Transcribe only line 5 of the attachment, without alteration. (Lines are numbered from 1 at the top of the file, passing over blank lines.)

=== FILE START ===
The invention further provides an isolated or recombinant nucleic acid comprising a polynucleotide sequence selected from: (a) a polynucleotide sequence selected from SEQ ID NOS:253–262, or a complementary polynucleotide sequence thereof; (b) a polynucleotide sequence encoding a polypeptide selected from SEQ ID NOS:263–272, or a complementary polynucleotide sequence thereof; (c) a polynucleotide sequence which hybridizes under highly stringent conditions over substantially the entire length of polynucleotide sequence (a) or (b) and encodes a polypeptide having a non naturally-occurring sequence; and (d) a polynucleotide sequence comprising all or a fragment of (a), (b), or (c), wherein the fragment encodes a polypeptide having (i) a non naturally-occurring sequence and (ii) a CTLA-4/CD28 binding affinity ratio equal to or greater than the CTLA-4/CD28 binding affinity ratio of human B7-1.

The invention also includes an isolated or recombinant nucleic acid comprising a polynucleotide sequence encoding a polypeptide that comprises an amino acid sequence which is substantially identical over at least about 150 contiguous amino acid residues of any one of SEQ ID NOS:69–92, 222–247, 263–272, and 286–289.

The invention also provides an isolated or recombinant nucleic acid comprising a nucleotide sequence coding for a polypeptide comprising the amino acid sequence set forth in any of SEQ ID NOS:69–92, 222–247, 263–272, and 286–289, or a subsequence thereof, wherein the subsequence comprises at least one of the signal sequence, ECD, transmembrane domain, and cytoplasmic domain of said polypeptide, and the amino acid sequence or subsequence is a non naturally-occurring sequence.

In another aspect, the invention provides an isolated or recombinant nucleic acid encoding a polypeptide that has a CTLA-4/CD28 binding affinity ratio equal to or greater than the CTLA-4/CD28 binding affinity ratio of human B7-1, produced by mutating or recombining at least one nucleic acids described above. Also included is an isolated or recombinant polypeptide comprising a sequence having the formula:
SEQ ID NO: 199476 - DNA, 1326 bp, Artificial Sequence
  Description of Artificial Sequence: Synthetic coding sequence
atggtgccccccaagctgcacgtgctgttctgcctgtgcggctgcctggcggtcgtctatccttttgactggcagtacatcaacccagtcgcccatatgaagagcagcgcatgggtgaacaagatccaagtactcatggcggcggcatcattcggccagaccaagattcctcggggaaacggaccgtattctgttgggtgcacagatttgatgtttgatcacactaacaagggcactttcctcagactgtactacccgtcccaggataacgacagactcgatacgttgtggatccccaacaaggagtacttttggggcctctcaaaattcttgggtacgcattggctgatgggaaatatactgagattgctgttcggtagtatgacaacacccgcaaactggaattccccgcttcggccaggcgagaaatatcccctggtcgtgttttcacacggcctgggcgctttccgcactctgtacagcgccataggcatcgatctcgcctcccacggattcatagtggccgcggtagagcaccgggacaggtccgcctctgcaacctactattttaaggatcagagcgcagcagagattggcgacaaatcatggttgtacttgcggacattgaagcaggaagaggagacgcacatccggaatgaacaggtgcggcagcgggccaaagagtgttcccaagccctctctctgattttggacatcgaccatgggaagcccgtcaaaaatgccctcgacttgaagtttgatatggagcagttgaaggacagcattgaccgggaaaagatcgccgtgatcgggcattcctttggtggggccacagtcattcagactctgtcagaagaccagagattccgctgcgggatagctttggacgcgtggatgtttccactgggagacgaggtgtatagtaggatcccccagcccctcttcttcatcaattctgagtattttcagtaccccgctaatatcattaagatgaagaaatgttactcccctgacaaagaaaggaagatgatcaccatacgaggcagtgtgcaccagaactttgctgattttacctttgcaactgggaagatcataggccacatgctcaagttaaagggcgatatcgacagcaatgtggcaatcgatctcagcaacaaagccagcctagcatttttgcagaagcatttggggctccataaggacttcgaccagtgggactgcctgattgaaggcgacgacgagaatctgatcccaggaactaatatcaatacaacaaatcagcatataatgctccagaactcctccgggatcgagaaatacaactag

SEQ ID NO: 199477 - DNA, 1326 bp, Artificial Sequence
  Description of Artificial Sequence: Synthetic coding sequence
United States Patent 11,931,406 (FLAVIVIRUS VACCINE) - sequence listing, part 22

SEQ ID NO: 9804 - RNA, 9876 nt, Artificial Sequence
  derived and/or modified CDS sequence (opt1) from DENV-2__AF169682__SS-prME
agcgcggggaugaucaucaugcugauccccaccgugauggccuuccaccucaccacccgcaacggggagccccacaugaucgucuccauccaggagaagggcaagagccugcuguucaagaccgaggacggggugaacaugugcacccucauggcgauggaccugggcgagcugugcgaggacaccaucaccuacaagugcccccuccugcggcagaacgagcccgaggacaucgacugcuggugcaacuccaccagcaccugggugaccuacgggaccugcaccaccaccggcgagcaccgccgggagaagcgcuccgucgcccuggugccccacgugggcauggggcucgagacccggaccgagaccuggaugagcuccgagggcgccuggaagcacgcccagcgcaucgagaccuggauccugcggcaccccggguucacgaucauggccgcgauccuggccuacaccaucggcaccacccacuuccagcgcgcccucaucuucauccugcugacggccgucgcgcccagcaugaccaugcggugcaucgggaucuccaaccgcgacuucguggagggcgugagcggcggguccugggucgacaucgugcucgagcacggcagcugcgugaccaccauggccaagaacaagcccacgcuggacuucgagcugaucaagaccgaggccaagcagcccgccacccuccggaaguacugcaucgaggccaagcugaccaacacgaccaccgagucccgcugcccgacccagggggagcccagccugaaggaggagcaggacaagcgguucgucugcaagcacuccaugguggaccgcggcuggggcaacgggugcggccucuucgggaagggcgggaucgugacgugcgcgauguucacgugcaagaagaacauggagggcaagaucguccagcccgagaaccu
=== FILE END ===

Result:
SEQ ID NO: 199476 - DNA, 1326 bp, Artificial Sequence